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cyclebrain
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Joined: Jun 16 2006 - 11:40pm
Class D HF Component

I am curious about the high frequency (ultrasonic) output from class D amplifiers. I have seen this output in tests in Stereophile. My concern is that we have always been told that most speaker damage is caused by amplifier clipping and the resulting high frequency energy created by clipping.
Is this ultrasonic energy insignificant compared to the energy created by clipping?

showflash
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Re: Class D HF Component

I cannot answer you directly with regard to "clipping vs ultrasonic" so you will have to wait and see if JA or one of the more capable persons around here weighs in.

What I have just read is that a negative-feedback loop, which includes the output filter or similar functional circuit design is a requirement in all switching amps. So what amp designers do is place an output filter in the negative feedback loop to minimize the tendency for the ultrasonic frequency response to vary widely with load. In this way designers only have to compensate for it within a narrow range of values. What seems to be happening in one of the designs I have linked to is that by the time the noise comes to being output the frequency is being rolled off.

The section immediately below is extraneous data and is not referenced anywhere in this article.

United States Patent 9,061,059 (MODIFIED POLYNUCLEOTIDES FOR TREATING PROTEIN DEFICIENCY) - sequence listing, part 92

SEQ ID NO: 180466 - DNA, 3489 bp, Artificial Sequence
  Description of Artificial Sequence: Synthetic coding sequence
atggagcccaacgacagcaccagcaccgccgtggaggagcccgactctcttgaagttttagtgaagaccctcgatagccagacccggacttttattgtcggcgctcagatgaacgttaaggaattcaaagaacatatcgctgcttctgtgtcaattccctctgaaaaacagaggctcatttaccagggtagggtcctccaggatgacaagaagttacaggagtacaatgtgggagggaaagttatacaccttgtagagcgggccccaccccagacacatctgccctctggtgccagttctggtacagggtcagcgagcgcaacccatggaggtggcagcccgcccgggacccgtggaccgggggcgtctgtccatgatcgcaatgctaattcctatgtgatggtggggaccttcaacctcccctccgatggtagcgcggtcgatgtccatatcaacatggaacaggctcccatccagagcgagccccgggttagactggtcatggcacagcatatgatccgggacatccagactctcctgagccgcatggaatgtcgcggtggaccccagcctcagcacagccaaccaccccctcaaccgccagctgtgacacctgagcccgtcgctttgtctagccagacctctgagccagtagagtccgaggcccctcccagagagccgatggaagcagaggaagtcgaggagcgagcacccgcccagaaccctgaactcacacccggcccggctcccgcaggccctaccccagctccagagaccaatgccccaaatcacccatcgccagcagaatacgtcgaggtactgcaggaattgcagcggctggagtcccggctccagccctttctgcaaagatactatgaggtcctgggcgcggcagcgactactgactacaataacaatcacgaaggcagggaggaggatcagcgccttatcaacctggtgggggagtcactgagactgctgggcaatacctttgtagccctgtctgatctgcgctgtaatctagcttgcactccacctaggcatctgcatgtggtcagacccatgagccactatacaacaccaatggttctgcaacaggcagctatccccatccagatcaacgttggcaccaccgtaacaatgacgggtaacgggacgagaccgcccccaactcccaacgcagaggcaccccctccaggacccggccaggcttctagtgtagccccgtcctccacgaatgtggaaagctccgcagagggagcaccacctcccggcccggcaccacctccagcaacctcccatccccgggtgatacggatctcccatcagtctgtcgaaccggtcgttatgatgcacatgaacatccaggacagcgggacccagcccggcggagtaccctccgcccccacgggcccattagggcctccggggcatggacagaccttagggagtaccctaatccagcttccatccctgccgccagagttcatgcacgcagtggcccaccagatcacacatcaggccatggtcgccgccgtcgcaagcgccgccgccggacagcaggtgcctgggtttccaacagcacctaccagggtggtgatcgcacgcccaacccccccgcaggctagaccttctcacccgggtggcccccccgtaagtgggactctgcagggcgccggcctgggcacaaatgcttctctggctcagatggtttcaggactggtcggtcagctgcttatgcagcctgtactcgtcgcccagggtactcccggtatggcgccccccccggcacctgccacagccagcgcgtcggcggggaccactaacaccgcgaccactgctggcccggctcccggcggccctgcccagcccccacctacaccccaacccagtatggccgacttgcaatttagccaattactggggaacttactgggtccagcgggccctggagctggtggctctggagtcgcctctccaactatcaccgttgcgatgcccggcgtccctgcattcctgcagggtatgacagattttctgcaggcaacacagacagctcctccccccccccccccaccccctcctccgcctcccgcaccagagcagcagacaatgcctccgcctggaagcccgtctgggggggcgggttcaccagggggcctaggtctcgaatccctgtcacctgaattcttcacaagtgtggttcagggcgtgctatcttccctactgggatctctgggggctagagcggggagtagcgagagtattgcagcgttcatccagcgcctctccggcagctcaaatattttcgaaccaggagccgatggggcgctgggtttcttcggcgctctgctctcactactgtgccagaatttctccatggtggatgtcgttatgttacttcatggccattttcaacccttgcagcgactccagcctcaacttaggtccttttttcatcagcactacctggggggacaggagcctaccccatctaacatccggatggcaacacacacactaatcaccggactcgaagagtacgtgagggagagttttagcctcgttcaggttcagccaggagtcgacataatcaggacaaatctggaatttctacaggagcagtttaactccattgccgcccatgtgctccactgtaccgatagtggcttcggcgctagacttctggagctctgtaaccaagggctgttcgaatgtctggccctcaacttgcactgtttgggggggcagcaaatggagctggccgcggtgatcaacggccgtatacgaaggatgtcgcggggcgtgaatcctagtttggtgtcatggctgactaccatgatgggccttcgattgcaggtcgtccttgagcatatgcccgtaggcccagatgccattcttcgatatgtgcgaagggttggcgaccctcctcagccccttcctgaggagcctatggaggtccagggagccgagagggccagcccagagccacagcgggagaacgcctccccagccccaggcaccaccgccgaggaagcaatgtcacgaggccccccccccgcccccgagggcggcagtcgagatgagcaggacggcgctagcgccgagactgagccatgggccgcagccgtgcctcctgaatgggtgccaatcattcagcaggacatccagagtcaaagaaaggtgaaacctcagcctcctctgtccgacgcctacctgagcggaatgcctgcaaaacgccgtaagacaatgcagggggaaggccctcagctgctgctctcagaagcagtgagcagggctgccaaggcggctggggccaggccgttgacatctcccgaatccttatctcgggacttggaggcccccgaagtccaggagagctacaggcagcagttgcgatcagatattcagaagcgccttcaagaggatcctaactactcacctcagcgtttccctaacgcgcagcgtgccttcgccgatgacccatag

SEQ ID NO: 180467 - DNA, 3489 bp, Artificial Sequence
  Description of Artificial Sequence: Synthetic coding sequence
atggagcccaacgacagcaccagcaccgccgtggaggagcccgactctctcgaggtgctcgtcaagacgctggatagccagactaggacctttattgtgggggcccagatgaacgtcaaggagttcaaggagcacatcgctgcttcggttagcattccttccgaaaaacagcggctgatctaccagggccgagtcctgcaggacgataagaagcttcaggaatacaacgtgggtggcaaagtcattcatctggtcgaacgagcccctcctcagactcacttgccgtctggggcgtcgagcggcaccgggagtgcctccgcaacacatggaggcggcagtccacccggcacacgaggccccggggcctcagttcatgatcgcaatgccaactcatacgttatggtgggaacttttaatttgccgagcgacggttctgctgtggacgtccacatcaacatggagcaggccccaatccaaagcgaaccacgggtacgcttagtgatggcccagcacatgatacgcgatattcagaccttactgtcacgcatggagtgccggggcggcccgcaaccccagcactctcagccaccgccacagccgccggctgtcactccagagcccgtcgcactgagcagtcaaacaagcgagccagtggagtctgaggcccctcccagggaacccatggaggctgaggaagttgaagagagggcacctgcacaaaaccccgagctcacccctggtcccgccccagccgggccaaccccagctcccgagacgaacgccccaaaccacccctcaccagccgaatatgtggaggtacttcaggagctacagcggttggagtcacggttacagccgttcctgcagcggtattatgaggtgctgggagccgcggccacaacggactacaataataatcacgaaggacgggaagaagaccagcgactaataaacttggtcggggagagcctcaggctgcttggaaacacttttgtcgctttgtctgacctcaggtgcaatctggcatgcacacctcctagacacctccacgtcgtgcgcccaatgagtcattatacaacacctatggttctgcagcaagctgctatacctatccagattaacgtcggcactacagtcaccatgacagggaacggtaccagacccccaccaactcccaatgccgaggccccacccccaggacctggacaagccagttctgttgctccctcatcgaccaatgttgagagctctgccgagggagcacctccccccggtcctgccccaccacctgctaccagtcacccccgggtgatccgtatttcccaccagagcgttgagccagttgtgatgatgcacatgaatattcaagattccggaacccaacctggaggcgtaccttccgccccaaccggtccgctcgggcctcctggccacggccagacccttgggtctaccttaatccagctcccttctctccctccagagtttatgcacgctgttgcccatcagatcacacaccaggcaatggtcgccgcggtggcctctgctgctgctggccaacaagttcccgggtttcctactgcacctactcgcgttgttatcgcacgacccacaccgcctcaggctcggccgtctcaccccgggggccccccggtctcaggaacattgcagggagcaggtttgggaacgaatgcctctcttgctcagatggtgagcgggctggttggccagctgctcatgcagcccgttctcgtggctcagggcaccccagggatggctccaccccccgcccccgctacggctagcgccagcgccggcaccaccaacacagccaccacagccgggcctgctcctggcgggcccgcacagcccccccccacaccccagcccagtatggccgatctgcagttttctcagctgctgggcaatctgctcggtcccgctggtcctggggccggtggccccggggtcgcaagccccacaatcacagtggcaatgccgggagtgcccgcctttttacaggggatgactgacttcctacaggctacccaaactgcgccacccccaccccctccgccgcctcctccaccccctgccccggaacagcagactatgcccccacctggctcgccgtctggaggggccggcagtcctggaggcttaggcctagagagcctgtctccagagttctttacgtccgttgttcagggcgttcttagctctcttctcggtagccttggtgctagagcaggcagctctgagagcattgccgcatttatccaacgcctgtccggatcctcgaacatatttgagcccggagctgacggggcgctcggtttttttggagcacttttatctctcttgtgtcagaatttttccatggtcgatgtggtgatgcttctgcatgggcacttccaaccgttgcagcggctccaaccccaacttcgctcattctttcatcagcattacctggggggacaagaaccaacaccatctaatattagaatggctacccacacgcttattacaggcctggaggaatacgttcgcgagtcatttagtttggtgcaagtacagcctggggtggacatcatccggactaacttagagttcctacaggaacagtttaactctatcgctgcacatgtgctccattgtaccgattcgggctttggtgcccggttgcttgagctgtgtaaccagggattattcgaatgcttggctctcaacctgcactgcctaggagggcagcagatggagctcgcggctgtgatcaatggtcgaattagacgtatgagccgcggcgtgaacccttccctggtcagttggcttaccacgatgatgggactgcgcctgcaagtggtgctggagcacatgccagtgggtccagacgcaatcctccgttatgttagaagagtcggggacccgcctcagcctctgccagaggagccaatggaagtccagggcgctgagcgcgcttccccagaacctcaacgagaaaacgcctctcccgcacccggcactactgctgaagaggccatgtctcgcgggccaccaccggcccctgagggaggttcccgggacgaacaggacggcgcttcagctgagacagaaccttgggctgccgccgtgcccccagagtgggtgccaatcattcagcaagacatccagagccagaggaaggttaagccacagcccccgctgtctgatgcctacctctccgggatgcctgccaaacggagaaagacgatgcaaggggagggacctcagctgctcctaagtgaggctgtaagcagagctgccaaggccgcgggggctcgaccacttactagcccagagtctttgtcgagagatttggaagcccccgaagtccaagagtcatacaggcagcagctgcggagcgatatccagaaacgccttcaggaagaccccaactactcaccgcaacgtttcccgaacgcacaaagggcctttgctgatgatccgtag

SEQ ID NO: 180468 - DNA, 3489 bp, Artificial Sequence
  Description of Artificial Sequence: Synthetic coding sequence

The following documents may be of interest to you. Search for the term ultrasonic:

http://www.stereophile.com/solidpoweramps/805cia/index4.html
http://www.hometheaterhifi.com/volume_9_2/ps-audio-hca-2-power-amplifier-6-2002.html
http://www.crownaudio.com/pdf/amps/136634.pdf

cyclebrain
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Re: Class D HF Component

Thanks for the input. I was suprised to read the comment by John Levreault of PS Audio. I assumed that the low pass filter was just tacked on to the output.
Just as I typed that last sentence I had second thoughts about John's statements. There has to be an output filter because the output drivers are operating as switching devices and their switching frequency should be removed.
I had never thought about feedback in a switching amplifier. Being digital I didn't think that feedback was needed or would even work. But the input being analog could use output feedback. The output being PCM Digital would have to be filtered back to analog in order to be used at the analog input. How many ways could this stuff go badly?

By the way, how does a class D amplifier go into clipping since the output devices operate in saturation 50% of the time anyway? Must have something to do with max or min pulse width, but at the momment I can't visualize it.

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